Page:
Panelists at the World Economic Forum in Davos, Switzerland, included Zhu Min of the People's Bank of China, on the big screen.
Davos 2010: In Davos, Bankers Look for Closer Bond With Policy Makers (January 30, 2010)
Protesters outside the Davos forum tried to protect themselves against the Swiss police force's water cannons on Saturday.
Over the first four days of mostly closed-door meetings at the World Economic Forum, bankers, central bankers and politicians reached no consensus on the best way forward to regulate markets or banks. Like many bankers, Mr. Green acknowledged “political initiatives on both sides of the Atlantic,” but was not ready to cede the terrain to politicians. “It is very important,” he said, “that we don’t throw the baby out with the bathwater.”
Members of the financial services industry seemed ruefully aware of how far they had sunk in public regard. Commenting on whether private equity companies would support an Obama administration proposal on bank regulation, David M. Rubenstein, managing director of the buyout firm Carlyle Group, quipped, “Our position is unsure because we’re afraid if we come out in favor, it won’t pass.”
Perhaps the billionaire investor and philanthropist George Soros summed up the ambivalence most succinctly. “You want to keep regulation to a minimum,” he said, “because it is worse than markets. But you can’t do without it.”
And so, from President Nicolas Sarkozy of France, who urged creation of a new international monetary system and even a new reserve currency to replace the dollar, to angry representatives from trade unions, to the white businessmen in suits who still dominate this snow-kissed gathering, the one certainty seemed to be continued uncertainty.
Many influential participants said that the financial crisis, rescue and search for solutions that the world had experienced in the last three years were without precedent. That complicates the search for solutions — how do we define when we are out of the mess? — and, in the West, increases pressure on politicians like President Obama to ease the widespread pain.
Mr. Obama’s recent blasts at Wall Street, coupled with a State of the Union address focused on Main Street and jobs, provided a backdrop to the discussions here. The only senior administration official in attendance, Mr. Obama’s chief economic adviser, Lawrence H. Summers, evoked one reason for Mr. Obama’s priorities before a packed audience on Saturday, noting that, in the United States, one in five men aged 25 to 54 is now jobless. Although the United States economy grew strongly in the last quarter of 2009, persistent unemployment has created a situation he described as “a statistical recovery and a human recession.”
It is “reasonable” to expect that to decline to one in seven or eight as the economy recovers, he said. But it is far from the 95 percent employment of American men that age in the mid-1960s.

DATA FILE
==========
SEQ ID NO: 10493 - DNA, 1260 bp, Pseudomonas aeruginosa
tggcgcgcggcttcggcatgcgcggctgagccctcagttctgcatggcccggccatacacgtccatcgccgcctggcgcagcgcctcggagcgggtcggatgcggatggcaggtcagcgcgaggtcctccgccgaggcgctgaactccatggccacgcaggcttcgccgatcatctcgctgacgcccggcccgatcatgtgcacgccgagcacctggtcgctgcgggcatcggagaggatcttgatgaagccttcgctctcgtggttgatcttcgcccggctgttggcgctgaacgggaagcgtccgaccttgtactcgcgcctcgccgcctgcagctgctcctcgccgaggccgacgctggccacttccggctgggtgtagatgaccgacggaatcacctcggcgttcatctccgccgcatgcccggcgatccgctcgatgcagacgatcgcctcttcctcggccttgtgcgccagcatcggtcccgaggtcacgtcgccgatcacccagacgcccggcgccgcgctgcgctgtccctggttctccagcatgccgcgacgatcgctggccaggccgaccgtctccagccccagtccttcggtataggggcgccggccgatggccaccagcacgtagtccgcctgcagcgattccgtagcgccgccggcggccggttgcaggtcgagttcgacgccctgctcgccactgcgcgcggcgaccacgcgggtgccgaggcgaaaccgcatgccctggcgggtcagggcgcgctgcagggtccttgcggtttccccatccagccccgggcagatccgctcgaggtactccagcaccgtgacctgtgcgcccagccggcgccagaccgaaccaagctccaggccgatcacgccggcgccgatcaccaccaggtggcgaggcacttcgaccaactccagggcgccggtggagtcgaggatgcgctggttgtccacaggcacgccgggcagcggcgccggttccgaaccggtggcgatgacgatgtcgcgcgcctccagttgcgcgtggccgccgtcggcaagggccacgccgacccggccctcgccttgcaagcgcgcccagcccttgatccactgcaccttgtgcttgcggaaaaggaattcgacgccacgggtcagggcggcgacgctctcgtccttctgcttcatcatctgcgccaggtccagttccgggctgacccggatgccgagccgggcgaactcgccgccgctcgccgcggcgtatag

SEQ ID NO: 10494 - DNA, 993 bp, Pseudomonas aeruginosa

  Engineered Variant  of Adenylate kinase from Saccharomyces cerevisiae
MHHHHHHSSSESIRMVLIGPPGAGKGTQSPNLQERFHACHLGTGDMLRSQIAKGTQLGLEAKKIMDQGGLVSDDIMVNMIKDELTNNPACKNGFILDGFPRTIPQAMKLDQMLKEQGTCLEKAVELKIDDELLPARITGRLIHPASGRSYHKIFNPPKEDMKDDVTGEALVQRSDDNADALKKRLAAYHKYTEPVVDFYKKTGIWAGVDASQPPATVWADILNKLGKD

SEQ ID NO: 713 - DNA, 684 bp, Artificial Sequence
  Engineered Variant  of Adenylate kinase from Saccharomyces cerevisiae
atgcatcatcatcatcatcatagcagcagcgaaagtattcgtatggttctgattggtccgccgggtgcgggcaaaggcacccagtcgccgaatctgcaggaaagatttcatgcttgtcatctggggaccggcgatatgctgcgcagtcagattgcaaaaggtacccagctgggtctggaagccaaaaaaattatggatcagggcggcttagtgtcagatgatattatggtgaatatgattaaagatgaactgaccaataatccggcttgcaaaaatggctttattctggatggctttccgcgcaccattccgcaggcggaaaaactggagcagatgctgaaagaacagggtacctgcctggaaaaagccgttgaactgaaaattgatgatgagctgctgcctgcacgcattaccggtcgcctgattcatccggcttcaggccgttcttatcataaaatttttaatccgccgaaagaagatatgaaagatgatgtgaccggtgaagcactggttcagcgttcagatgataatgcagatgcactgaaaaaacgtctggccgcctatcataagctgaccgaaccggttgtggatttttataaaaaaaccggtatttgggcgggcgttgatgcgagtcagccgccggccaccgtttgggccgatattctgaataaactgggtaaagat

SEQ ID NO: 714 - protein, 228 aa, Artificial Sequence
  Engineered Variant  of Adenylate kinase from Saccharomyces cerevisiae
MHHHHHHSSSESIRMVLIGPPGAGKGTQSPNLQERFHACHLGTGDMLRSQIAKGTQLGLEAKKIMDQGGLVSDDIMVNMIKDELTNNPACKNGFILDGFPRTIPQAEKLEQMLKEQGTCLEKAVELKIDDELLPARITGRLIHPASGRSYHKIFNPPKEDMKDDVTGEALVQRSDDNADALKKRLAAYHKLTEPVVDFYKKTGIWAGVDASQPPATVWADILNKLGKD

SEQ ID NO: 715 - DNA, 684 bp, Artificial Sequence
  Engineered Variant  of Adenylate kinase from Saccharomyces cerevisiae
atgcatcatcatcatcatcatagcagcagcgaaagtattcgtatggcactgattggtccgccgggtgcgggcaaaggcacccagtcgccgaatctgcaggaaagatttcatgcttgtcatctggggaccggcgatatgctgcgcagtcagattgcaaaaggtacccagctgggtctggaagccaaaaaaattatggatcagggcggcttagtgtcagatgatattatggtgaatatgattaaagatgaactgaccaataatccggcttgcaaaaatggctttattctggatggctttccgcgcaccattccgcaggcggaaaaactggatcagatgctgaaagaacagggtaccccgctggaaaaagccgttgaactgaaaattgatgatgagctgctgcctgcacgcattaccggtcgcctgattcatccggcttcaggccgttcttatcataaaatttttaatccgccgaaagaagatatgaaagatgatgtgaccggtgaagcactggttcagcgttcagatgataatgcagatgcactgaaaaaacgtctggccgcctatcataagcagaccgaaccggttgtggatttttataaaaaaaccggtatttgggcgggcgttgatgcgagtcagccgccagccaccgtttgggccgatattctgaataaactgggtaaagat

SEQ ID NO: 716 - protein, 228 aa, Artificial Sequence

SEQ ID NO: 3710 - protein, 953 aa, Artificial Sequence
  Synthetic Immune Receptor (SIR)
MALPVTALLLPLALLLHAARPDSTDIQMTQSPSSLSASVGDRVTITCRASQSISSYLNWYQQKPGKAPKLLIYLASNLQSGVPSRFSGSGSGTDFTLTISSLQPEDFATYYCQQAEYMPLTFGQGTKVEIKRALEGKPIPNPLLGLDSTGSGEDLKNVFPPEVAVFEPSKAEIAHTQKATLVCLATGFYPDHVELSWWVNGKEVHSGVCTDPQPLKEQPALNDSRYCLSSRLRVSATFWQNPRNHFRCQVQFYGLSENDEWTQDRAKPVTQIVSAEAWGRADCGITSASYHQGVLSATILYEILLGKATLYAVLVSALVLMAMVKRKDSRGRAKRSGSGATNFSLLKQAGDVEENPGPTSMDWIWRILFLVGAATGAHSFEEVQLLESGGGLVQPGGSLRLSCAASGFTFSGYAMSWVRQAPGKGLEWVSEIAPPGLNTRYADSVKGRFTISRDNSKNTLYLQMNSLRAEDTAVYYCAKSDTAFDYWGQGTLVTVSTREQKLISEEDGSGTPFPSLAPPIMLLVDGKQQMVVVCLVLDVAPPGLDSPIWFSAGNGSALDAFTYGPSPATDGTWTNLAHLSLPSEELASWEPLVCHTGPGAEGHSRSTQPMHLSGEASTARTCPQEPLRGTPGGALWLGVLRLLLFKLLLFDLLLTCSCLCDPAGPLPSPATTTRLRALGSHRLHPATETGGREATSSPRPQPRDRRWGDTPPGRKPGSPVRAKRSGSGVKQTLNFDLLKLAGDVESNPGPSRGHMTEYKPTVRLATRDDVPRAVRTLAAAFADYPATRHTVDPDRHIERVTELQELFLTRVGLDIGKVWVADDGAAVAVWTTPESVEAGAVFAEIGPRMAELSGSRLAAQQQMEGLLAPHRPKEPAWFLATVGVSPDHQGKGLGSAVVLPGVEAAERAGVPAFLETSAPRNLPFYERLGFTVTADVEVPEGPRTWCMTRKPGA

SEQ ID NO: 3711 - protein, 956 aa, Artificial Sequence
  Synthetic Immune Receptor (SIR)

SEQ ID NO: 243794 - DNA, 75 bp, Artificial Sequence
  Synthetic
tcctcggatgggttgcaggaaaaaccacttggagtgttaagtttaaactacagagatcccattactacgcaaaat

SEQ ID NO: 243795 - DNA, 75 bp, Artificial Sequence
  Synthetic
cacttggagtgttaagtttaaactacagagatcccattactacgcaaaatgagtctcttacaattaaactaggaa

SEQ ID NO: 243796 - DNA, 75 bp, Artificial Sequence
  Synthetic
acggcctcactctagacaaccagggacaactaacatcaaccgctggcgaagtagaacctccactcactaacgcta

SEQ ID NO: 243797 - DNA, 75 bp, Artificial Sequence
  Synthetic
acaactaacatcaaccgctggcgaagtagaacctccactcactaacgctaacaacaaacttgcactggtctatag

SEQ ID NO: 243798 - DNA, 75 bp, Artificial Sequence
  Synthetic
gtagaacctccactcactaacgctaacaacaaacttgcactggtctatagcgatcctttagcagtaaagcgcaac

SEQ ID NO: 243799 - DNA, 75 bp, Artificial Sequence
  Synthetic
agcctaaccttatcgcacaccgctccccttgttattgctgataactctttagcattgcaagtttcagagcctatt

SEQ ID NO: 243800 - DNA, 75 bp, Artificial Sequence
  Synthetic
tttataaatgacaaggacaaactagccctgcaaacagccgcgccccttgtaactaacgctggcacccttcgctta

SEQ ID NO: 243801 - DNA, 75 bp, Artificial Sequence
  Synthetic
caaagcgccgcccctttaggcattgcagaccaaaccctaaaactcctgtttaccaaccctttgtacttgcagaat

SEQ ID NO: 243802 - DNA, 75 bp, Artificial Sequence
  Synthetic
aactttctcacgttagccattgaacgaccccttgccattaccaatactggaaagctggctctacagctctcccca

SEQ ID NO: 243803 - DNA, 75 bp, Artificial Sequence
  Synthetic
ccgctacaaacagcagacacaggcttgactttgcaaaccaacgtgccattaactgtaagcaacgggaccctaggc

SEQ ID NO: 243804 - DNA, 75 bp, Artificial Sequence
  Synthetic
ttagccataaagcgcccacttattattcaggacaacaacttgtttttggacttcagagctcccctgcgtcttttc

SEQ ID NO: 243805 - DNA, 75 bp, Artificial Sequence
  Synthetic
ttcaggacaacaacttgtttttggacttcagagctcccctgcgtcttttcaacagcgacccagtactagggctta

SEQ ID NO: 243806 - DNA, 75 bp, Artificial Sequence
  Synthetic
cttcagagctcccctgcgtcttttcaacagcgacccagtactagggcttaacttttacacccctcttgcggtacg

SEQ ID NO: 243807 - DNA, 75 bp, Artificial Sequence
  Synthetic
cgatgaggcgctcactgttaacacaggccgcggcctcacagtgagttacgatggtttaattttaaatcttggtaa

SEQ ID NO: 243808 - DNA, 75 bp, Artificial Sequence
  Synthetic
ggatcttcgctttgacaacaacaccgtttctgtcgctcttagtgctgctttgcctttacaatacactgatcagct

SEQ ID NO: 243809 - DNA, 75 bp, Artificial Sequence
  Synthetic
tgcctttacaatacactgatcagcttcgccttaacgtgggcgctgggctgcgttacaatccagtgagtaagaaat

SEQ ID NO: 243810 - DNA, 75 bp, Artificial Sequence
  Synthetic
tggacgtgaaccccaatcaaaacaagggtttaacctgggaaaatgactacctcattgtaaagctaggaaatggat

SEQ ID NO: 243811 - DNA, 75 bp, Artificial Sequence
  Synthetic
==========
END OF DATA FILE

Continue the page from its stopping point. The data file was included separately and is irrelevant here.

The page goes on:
Contrast that with the buoyant presentation, in the same discussion, by Zhu Min, deputy governor of the People’s Bank of China. “China had a good year,” Mr. Zhu opened, before rattling off statistics that boggle even economists’ minds: for instance, a 200-million ton overcapacity in steel production, roughly equal to the 198 million tons produced in the 27-nation European Union in 2008.
The Chinese delegation this year, the biggest in 40 years of the Davos gathering, was led by Li Keqiang, the vice premier widely tipped to be the next prime minister. Their appearance exuded much more confidence than even two years ago, a reflection of what many participants here said was a clear shift of power east, particularly to China.
The effect of that shift, and whether it will lead to cooperation or confrontation, concerns policy makers in the West, particularly the United States. China suggested that trust might be the answer here, too.
“Between Chinese people and American and Western people, we lack mutual understanding,” said Cheng Siwei, a former Chinese politician and a co-chairman of the International Finance Forum, a Beijing-based think tank. The only way to “keep this relationship stable,” he said, is “to build mutual trust.”
But as power has shifted toward China and South Asia, the Europeans, Americans and Japanese have watched their economies decline or stall sharply. Rebuilding mutual trust will be ever more difficult amid fears that such pain will continue and that the current generation entering the work force is likely to be less prosperous than its parents.
Much of the world is concerned about the shift, and unsure what to expect. “In the transition phase from a superpower-dominated world to a multipolar world you will see a lot of uncertainty and you will see a lot of volatility,” said Josef Ackermann, chairman of Deutsche Bank.
Part of the difficulty, it emerged from several discussions here, is that despite globalization and growing interconnectedness, finding solutions has fallen largely to individual nations, companies and banks.
Banding together in the Group of 20 that has emerged to take the place of the Group of 7 as the body to control the direction of the world economy, politicians and economists are supposed to produce policy suggestions by June, ahead of the Group of 20’s meeting in Seoul, South Korea, in November, its first meeting in Asia.
Whether that group, far from the jobless workers in the United States and Europe, can ease their pain is unclear. But, Mr. Ackermann said, “We all know something has to happen quickly to restore confidence in the system.”
Jack Ewing and Katrin Bennhold contributed reporting.